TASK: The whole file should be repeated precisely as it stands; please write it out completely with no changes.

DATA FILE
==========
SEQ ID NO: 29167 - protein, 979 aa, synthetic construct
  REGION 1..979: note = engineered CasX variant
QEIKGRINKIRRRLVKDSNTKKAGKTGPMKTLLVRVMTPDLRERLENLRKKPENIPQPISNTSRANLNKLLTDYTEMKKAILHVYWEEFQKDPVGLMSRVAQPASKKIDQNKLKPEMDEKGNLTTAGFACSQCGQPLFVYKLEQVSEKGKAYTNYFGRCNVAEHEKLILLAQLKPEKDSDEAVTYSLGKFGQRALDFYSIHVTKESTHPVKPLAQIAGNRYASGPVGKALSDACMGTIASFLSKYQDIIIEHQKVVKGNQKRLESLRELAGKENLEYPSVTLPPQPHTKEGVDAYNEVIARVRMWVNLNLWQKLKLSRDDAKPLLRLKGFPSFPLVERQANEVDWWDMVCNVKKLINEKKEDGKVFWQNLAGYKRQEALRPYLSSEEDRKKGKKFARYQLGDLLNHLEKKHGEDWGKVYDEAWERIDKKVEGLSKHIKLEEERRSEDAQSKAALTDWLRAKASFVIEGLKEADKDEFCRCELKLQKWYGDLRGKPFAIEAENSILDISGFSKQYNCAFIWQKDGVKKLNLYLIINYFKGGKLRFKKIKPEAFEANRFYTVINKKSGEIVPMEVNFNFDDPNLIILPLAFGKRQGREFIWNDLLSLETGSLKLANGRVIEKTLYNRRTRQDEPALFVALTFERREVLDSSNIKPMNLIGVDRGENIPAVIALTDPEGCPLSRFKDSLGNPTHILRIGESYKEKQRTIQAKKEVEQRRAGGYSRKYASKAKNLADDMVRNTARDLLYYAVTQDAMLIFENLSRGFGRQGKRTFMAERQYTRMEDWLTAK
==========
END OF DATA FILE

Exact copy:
SEQ ID NO: 29167 - protein, 979 aa, synthetic construct
  REGION 1..979: note = engineered CasX variant
QEIKGRINKIRRRLVKDSNTKKAGKTGPMKTLLVRVMTPDLRERLENLRKKPENIPQPISNTSRANLNKLLTDYTEMKKAILHVYWEEFQKDPVGLMSRVAQPASKKIDQNKLKPEMDEKGNLTTAGFACSQCGQPLFVYKLEQVSEKGKAYTNYFGRCNVAEHEKLILLAQLKPEKDSDEAVTYSLGKFGQRALDFYSIHVTKESTHPVKPLAQIAGNRYASGPVGKALSDACMGTIASFLSKYQDIIIEHQKVVKGNQKRLESLRELAGKENLEYPSVTLPPQPHTKEGVDAYNEVIARVRMWVNLNLWQKLKLSRDDAKPLLRLKGFPSFPLVERQANEVDWWDMVCNVKKLINEKKEDGKVFWQNLAGYKRQEALRPYLSSEEDRKKGKKFARYQLGDLLNHLEKKHGEDWGKVYDEAWERIDKKVEGLSKHIKLEEERRSEDAQSKAALTDWLRAKASFVIEGLKEADKDEFCRCELKLQKWYGDLRGKPFAIEAENSILDISGFSKQYNCAFIWQKDGVKKLNLYLIINYFKGGKLRFKKIKPEAFEANRFYTVINKKSGEIVPMEVNFNFDDPNLIILPLAFGKRQGREFIWNDLLSLETGSLKLANGRVIEKTLYNRRTRQDEPALFVALTFERREVLDSSNIKPMNLIGVDRGENIPAVIALTDPEGCPLSRFKDSLGNPTHILRIGESYKEKQRTIQAKKEVEQRRAGGYSRKYASKAKNLADDMVRNTARDLLYYAVTQDAMLIFENLSRGFGRQGKRTFMAERQYTRMEDWLTAK